A man was arrested for public order offences after gardaí found a child, aged 10, driving a mini-scrambler motorbike dangerously around a public green in.
The man, who is in his 20s and from the northside of the city, was later released without charge and is due to appear before court at a later date charged in connection with the incident.
The incident occurred at around 5.30pm on Thursday when gardaí responded to complaints about “a number of youths” driving a mini-scrambler dangerously around an open green area near the Sam Allen sports complex in.
It is a park used frequently by local people for walks.
Gardaí arrived at the Innishannon Road entrance to the green and spotted two boys on a scrambler which was being driven erratically around the green.
It is illegal into ride such bikes anywhere other than on private land.
The driver was later identified as being just 10-years old. Neither he, nor his passenger was wearing a helmet.
They were being observed by a man in his 20s, who is understood to be a relative of one of the boys, and who was standing nearby.
The child stopped driving the bike as gardaí approached. But when the gardaí told the man that they were going to confiscate the scrambler, he tried to set fire to it.
The gardaí intervened, prevented him from torching the bike, and arrested him for public order offences,
Gardaí seized the mini-scrambler and established that it had no insurance and no tax.
Last month, an infant was injured after an incident involving a scrambler in, west Dublin.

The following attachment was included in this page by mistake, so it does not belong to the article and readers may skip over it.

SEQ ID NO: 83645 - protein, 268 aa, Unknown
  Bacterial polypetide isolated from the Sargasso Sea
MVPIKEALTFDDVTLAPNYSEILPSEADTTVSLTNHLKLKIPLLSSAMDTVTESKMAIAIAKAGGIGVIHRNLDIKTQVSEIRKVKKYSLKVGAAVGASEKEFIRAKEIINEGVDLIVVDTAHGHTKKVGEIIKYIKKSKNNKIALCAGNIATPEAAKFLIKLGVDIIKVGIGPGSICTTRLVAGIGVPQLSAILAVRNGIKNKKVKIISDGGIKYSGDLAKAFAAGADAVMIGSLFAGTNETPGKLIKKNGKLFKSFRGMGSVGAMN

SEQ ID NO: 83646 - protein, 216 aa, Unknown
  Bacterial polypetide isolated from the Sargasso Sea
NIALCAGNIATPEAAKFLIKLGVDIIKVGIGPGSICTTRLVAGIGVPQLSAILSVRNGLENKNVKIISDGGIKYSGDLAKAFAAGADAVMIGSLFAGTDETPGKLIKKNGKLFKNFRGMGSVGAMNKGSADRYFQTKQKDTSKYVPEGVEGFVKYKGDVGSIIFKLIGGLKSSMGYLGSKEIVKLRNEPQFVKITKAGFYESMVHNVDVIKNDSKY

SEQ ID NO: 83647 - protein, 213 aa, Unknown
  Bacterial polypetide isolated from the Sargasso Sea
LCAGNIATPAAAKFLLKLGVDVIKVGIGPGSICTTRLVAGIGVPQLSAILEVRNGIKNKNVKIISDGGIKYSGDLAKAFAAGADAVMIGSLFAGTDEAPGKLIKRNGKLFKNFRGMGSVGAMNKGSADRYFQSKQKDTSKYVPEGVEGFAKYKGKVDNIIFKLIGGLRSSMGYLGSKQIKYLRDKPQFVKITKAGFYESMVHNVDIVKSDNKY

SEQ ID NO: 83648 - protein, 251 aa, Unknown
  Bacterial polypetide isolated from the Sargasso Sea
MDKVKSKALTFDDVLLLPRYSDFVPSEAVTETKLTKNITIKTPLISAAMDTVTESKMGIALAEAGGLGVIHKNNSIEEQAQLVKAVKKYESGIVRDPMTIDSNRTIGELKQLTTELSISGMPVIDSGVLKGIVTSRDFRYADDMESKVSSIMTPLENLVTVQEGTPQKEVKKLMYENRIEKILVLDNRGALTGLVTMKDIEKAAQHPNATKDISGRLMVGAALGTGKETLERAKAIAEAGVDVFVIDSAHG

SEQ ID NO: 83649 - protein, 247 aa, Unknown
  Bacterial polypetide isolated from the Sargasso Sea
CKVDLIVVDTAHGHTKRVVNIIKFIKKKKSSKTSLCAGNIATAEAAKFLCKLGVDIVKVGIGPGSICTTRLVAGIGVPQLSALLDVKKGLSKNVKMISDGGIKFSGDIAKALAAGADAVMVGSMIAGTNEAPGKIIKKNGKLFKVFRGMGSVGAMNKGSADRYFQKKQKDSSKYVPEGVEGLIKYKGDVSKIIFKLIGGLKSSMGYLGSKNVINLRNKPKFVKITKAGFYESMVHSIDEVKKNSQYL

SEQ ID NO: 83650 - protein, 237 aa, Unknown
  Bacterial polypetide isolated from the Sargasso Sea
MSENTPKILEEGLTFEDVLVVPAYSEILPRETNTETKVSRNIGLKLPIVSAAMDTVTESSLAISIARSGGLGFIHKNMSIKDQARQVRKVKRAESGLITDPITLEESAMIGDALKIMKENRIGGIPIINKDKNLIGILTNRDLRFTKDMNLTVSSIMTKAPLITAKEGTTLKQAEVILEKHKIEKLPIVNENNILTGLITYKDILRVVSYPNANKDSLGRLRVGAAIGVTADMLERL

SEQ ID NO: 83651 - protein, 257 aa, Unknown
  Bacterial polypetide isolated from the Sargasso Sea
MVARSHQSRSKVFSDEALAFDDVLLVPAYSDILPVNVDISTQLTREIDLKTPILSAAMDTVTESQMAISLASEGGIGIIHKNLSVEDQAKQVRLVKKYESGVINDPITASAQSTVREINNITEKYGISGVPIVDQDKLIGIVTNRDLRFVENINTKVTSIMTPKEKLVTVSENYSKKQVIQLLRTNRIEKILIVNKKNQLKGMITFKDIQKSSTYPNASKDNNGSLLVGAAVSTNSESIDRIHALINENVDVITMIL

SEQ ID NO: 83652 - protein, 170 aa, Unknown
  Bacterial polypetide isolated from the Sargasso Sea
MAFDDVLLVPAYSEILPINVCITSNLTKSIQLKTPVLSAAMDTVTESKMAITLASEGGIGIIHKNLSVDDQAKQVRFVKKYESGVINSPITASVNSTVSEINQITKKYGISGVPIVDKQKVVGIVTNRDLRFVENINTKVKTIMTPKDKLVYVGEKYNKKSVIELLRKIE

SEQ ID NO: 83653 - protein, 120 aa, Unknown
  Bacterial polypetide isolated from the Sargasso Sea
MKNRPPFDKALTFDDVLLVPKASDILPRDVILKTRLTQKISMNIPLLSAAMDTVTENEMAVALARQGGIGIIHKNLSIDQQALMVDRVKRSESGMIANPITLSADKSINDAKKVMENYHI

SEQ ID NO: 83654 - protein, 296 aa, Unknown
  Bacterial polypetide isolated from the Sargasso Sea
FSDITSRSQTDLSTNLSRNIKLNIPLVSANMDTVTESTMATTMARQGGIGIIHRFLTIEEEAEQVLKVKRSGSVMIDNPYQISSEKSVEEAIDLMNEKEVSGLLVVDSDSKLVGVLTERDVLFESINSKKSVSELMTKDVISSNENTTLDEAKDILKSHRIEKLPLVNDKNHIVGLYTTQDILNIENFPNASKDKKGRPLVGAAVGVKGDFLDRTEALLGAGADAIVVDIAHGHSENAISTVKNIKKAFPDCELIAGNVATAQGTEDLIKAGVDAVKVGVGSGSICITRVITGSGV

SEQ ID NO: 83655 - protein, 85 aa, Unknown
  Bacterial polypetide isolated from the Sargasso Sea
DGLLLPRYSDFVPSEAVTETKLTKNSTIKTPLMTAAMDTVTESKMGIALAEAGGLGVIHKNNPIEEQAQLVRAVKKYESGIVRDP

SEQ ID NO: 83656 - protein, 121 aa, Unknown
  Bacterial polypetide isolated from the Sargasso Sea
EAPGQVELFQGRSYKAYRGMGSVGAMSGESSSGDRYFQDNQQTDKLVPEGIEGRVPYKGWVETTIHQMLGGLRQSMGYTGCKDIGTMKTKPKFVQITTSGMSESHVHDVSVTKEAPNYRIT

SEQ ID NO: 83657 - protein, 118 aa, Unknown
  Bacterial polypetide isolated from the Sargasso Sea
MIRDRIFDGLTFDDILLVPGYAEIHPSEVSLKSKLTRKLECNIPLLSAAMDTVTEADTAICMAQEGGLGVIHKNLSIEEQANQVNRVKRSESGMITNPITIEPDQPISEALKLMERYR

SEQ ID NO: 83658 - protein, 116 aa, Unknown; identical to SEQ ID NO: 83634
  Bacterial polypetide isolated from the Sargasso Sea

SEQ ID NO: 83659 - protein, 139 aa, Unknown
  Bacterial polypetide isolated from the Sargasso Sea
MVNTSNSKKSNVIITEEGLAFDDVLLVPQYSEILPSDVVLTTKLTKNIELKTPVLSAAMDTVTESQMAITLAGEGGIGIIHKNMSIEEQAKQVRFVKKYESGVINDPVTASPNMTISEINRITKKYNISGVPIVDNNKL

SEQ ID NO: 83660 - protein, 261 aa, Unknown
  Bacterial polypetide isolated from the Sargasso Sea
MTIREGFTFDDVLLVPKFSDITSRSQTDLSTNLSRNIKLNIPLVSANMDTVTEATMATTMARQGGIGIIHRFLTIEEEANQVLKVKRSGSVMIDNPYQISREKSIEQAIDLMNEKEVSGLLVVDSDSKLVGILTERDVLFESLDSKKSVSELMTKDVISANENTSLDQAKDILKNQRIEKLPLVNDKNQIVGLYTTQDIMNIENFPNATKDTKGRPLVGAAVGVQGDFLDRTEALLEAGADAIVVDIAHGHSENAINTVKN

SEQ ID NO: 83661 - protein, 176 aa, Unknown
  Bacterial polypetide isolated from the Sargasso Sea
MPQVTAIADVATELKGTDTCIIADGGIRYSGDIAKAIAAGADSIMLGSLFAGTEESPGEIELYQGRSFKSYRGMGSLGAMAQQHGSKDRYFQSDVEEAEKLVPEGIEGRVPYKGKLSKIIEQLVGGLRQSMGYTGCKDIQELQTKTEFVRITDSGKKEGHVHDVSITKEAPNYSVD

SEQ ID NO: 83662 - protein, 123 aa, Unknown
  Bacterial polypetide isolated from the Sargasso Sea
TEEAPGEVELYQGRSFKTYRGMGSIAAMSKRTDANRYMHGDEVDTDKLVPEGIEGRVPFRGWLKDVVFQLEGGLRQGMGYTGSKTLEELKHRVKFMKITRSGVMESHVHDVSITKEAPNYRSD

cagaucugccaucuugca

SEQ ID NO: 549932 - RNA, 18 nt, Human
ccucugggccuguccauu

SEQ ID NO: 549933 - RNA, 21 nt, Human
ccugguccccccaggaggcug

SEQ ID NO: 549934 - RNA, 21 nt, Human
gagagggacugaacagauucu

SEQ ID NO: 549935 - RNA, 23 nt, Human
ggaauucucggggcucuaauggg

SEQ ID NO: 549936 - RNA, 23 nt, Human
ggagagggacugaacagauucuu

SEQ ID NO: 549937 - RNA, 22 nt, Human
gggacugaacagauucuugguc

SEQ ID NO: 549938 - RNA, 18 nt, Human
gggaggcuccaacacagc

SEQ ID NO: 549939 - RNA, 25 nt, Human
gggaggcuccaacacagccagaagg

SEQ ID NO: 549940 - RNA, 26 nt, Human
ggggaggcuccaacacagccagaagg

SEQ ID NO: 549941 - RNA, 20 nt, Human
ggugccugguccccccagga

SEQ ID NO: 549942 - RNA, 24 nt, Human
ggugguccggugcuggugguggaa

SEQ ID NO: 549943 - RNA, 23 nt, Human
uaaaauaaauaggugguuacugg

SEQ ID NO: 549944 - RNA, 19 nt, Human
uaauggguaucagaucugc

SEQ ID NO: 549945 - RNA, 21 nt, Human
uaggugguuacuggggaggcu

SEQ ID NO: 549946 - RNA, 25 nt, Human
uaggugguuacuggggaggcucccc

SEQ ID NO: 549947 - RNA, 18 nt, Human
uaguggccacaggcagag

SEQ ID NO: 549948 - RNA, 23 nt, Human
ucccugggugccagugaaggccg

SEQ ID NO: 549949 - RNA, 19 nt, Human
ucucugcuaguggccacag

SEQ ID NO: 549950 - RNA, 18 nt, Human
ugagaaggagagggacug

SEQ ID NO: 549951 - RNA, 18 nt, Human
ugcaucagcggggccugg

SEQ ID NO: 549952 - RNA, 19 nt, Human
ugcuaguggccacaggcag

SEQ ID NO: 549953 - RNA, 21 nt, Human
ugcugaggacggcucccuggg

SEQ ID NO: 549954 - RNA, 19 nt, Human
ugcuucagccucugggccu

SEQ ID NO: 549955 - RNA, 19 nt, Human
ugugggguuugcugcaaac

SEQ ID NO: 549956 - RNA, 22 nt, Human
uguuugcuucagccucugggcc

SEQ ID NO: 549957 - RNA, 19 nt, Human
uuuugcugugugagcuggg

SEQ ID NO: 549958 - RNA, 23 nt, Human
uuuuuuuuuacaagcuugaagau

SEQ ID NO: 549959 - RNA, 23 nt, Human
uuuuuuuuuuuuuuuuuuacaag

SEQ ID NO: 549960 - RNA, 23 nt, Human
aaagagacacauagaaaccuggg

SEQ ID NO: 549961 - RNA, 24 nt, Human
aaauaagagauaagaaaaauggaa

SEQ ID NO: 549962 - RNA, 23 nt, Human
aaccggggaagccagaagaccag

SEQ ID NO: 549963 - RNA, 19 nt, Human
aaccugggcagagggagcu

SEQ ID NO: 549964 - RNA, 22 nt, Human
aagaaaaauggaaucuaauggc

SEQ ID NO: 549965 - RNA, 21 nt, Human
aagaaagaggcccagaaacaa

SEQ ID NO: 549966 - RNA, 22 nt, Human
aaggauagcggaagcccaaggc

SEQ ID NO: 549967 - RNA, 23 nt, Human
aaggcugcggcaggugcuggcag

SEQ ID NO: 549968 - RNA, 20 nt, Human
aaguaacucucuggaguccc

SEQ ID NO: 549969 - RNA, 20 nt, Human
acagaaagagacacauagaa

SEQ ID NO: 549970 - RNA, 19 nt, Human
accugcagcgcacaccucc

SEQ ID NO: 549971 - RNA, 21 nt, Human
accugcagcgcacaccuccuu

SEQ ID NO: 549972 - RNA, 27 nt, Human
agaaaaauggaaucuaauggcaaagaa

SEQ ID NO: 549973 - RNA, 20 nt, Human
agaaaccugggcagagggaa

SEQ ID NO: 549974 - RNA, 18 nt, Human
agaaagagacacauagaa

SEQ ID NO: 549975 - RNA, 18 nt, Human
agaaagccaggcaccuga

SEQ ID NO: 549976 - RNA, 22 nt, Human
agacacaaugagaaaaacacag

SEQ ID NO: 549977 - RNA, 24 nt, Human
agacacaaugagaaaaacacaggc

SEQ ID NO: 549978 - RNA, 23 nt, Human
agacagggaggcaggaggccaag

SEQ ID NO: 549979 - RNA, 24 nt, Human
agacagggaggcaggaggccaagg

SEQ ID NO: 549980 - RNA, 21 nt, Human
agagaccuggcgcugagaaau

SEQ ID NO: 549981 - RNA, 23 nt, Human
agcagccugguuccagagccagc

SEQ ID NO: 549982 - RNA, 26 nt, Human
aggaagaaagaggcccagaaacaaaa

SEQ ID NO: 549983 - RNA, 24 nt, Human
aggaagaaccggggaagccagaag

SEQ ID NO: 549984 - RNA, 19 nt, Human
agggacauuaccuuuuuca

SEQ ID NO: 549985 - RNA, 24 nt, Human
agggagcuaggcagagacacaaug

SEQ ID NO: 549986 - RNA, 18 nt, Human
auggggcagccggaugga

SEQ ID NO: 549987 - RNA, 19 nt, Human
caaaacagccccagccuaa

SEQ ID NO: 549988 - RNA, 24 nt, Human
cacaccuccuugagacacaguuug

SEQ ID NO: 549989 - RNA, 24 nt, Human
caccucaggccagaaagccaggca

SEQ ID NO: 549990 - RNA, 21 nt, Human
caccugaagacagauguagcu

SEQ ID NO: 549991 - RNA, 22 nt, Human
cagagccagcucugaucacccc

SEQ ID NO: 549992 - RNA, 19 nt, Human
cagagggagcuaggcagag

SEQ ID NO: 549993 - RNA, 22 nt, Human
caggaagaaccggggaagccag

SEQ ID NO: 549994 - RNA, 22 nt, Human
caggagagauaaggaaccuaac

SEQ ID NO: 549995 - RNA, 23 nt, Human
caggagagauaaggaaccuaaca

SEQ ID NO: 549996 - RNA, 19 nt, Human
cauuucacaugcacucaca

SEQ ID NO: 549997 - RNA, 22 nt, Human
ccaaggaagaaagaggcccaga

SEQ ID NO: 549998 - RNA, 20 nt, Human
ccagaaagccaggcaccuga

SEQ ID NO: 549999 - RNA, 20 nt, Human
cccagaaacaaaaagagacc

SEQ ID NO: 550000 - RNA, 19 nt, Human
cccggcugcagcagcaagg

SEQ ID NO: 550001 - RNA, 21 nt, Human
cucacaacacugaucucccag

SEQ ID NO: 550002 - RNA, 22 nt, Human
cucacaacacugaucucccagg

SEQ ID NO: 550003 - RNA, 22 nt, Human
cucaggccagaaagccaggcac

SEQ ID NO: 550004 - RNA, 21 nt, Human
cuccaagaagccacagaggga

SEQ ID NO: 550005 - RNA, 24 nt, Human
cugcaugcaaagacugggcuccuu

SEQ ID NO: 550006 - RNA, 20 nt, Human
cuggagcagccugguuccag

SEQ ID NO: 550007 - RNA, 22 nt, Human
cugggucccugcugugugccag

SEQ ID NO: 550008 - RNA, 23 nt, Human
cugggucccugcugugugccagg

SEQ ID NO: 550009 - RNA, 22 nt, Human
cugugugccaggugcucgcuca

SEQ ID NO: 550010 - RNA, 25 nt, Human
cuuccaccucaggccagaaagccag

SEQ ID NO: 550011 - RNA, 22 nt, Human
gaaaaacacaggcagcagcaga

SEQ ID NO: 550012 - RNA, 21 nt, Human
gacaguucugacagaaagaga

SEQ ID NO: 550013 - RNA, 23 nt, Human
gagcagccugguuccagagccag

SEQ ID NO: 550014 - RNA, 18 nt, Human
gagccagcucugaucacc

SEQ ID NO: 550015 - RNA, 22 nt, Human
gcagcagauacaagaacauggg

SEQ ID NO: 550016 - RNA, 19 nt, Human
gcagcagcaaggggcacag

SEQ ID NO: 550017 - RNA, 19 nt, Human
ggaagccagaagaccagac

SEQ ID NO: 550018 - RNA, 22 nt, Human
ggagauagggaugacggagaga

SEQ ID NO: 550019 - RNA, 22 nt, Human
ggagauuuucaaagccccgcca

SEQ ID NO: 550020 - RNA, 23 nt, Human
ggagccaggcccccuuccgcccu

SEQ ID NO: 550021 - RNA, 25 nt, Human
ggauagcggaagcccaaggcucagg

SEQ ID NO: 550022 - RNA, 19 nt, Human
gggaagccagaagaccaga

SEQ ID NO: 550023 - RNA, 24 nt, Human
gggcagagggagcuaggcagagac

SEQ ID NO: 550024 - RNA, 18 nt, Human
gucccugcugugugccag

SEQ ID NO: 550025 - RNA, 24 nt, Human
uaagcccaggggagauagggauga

A woman in her 20s was seated with the male infant, believed to be 18 months old, on a stationary quad bike inwhen a scrambler, which was being driven by a male in his late teens, struck the quad.
A week later, four people were injured after a scrambler bike collided with a car, again in.
Gardaí and the Road Safety Authority (RSA) have launched a new public awareness campaign to highlight the dangers quad bikes and scramblers pose to children and to urge parents not to gift them this Christmas.
Three of the six people who died in Ireland as a result of an incident involving a quad bike or scrambler were aged 18 or under, in the period 2014 to 2019.
The casualty figures also show that between 2014 and 2019, 60 people were injured in collisions involving a quadbike or scrambler on a public road.
Assistant Commissioner Paula Hillman, National Roads Policing and Community Engagement Bureau, An Garda Síochána, said: "The use of scramblers and quads by children poses a serious safety hazard.
"These are powerful machines, which have the potential to severely or even fatally injure someone.
"That is why they not suitable to be used by children or inexperienced riders. Parents considering buying quadbikes or scramblers for their children this Christmas, need to be aware that when used on a public road they are subject to the same rules as other mechanically propelled vehicles.
"They are required to be registered, taxed and in good road-worthy condition. The driver of the vehicle must hold the appropriate driving licence and be insured to drive the vehicle."